Wednesday, August 26, 2015

Polarized Sunglasses when fishing or boating

  If you wear polarized sunglasses while fishing you will definitely catch more fish especially bass. In rivers and streams it is very important to use polarized sunglasses. Polarized Sunglasses cut through the glare created by the sun and allow you to see into the water. You can see under water structure like logs, rocks, and tree limbs. This gives you a better chance as a bass fisherman. When it comes to polarized sunglasses buy a good pair it is best to buy real glass lenses . If you buy cheap sunglasses they can cause eye strain and the plastic polarized lenses will break. Do not make this mistake trying to save a few bucks, good polarized sunglasses are the way to go.  Whether you spend your time fishing, or boating, snow skiing  polarized sunglasses are a great purchase. Real polarized sunglasses will come with a tag on the lenses that they are polarized.
Light reflected from the water surfaces or smooth water is horizontally polarized.
This horizontally polarized light is blocked by the vertically oriented polarizer in the lenses. The glare from the water produces eyestrain, and can caused you to squint which can lead to a headache. Regular sunglass tinting alone can not cure this problem of glare from the water's surface. 
 Polarized sunglasses  absorb the reflected glare and pass the safer light to your eyes which helps you see more fish and structure under the surface. You should use bands to slide on the sunglasses so you don't loose them over board.

Sunday, August 16, 2015

River Fishing

You can catch many fish like small mouth and largemouth bass, northern pike, walleye and the granddaddy of them all, the Musky,  if you get lucky for it.
The small mouth and the largemouth bass love to stay by rocks, under docks and boats. Northern pike are found in deeper water, but not too deep. Walleyes like to stay near the top of the water and close to docks. Muskies prefer deep water, because it is cold for them in the hot summer heat.
If you don't want to fish for all these fabulous fish, you can go for perch, pumpkinseeds, bluegill, crappie and rock bass, which  can all be found by the rocks near the beach. Small mouth and largemouth are the best to eat, in my opinion, because they are super easy to catch and you can fillet them to get some food. It is also good with a light batter, made with beer, over a stove or a barbecue.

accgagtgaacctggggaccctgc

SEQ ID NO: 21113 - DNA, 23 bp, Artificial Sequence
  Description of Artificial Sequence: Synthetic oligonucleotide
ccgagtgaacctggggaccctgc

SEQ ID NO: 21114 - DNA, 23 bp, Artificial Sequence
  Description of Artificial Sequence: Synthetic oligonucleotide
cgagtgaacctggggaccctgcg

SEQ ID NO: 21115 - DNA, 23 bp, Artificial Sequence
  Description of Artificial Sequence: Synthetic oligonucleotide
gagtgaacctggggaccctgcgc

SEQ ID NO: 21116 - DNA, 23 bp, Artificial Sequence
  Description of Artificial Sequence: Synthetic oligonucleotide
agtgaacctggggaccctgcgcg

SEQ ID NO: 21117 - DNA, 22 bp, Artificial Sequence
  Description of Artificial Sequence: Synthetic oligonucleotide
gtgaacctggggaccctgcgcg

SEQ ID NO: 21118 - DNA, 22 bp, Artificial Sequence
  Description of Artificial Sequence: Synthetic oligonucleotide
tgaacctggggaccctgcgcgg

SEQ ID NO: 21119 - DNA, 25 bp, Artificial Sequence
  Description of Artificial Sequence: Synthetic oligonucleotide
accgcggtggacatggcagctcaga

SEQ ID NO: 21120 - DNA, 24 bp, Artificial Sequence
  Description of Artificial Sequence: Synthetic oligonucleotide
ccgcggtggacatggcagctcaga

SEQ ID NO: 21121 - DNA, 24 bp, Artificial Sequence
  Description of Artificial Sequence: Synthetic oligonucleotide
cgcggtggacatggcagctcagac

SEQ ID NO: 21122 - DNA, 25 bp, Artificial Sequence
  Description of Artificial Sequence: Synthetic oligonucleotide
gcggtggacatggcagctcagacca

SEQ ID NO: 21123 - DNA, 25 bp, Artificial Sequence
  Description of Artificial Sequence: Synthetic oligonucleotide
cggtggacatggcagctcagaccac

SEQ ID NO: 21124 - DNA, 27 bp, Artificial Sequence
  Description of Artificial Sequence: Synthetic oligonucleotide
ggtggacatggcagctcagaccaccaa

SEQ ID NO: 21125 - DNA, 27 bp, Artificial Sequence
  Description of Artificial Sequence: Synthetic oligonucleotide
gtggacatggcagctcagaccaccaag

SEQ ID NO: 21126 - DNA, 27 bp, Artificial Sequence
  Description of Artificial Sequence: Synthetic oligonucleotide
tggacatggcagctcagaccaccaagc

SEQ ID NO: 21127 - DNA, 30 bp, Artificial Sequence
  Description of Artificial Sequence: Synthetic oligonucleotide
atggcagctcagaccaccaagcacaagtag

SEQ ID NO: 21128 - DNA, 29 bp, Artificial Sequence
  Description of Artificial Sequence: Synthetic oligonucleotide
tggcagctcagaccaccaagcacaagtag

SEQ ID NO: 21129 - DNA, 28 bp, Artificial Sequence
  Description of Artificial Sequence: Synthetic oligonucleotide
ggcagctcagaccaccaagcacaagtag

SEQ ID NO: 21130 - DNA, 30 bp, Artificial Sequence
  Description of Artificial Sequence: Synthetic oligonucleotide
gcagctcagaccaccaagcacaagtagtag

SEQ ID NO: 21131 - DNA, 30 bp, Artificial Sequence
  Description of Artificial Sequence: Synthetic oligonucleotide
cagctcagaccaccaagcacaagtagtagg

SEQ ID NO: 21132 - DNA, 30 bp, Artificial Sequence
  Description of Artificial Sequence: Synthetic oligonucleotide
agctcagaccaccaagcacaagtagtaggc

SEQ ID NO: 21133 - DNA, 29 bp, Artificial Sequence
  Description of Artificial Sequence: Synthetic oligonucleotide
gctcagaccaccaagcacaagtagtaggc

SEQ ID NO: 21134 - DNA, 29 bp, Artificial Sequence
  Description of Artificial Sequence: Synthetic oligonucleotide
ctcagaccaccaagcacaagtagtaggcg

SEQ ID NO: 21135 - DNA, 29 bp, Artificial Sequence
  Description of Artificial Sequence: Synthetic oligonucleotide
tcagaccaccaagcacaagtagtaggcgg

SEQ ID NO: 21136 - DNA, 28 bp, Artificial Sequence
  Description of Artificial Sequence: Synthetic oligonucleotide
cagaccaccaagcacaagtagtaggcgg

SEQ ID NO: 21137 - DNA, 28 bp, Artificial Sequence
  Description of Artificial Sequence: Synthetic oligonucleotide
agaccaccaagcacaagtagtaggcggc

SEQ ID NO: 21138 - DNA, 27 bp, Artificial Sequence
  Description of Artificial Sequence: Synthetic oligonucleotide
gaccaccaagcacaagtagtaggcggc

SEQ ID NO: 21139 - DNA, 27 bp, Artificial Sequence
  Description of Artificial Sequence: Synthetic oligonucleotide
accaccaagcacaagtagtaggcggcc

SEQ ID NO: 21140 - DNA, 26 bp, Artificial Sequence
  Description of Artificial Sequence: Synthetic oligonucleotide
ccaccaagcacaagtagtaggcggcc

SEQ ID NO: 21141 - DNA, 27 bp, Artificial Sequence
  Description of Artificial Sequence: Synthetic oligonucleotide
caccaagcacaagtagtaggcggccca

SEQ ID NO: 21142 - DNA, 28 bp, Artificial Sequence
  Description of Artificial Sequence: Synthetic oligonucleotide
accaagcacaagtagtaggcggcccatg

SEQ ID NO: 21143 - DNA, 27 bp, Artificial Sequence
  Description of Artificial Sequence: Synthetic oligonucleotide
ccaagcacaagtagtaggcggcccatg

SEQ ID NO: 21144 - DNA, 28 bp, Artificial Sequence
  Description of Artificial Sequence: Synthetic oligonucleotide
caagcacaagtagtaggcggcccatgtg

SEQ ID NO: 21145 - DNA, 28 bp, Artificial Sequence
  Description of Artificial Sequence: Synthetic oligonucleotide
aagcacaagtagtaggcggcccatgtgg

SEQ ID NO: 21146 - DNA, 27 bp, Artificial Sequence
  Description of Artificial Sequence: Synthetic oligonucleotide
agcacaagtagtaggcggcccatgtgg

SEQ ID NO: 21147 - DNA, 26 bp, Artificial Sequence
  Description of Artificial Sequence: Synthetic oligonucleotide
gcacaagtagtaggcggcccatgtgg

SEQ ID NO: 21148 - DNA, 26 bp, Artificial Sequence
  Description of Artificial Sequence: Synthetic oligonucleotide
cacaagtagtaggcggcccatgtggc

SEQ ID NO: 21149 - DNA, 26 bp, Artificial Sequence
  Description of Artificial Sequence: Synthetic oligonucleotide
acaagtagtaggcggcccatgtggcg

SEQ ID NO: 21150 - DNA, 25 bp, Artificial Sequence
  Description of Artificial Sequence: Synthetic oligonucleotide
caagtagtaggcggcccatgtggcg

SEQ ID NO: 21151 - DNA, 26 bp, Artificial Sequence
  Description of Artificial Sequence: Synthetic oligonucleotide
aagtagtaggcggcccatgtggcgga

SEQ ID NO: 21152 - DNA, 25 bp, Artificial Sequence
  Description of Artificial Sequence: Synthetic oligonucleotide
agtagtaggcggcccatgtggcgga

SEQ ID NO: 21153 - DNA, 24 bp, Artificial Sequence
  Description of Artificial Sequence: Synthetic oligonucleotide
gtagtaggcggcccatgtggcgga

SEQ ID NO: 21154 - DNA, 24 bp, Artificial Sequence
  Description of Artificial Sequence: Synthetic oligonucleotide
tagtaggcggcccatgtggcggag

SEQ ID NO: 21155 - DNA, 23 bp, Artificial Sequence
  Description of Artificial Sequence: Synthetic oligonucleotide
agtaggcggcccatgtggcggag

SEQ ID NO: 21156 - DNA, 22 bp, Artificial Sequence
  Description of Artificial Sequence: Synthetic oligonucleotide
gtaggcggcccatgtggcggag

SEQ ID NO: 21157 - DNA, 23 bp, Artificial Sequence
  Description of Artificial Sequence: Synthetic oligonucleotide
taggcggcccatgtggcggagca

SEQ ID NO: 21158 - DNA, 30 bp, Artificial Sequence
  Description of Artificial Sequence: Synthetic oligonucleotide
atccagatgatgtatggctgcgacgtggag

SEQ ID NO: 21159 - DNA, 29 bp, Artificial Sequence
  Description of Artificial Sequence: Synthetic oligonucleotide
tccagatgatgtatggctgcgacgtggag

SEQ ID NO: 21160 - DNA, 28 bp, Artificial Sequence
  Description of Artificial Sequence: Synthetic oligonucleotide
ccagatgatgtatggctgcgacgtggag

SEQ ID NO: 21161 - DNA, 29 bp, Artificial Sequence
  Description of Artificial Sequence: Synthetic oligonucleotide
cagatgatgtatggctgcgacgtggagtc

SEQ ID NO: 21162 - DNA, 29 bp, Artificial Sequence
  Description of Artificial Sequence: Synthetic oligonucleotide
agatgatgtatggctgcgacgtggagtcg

Tuesday, August 11, 2015


SMALLMOUTH BASS: Fish deep rocks and secondary underwater points lots of smallies in this area in 8-16 feet of ater. Use a crayfish color crankbait, jig and a minnow, leech or crawler.

Monday, July 20, 2015

Gull Rock

Walleyes are being caught jigging, drifting with spinners and trolling crankbaits. Nice limits filling in a mix of walleyes and saugers with a few jumbo perch. Graceton Beach, Zippel Bay, headed east towards towards Gull Rock are active in depths of 10-18 or 29-32 feet. Some are still headed north towards Garden, Knight, and Bridges Islands in 15-23 feet over rubble and off points. Hot colors are hammered gold and pink tipped with minnows or crawlers.

Wednesday, July 15, 2015


Hauser: Rainbows are being caught trolling cowbells, Daredevils or Little Cleo’s around Devil’s Elbow and Black Sandy. Shore fishing is slow for rainbows with a few being caught on worms at Riverside. Walleye are being caught at the Causeway Bridge on jigs with a leech and in the Causeway Arm on bottom bouncers and a leech or worm. A few perch are being caught at the Causeway Bridge and in Lake Helena on worms.

Sunday, July 12, 2015


Walleyes, northern pike, muskies and panfish will all gather on the edge of the weeds during the day, and sometimes the panfish will suspend out away from the weeds. You can often see them dimpling the surface as they feed on bugs that are on the surface.

Tuesday, June 30, 2015

Lake Vermilion:

 Most walleye anglers are focusing their efforts around the Frazier Bay area using nightcrawlers with slipbobbers at around 10 feet off weed edges. Muskie action has been outstanding around the Vermilion Dam area using topwater baits. Bass and bluegills are at shallow depths using worms or leeches. The Vermilion and Little Fork rivers also are producing good walleye and bass action using leeches or crawlers on weed edges.

Tuesday, June 23, 2015

Eagle River

SMALLMOUTH BASS: Fish hardbottom areas, such as rock piles, and off of break edges in 20 feet of water or less. Use a plastic tube or crawfish, Senko rigged wacky, a small Mepps spinner, or a jig and a minnow or leech. All day action and the bite is good to excellent.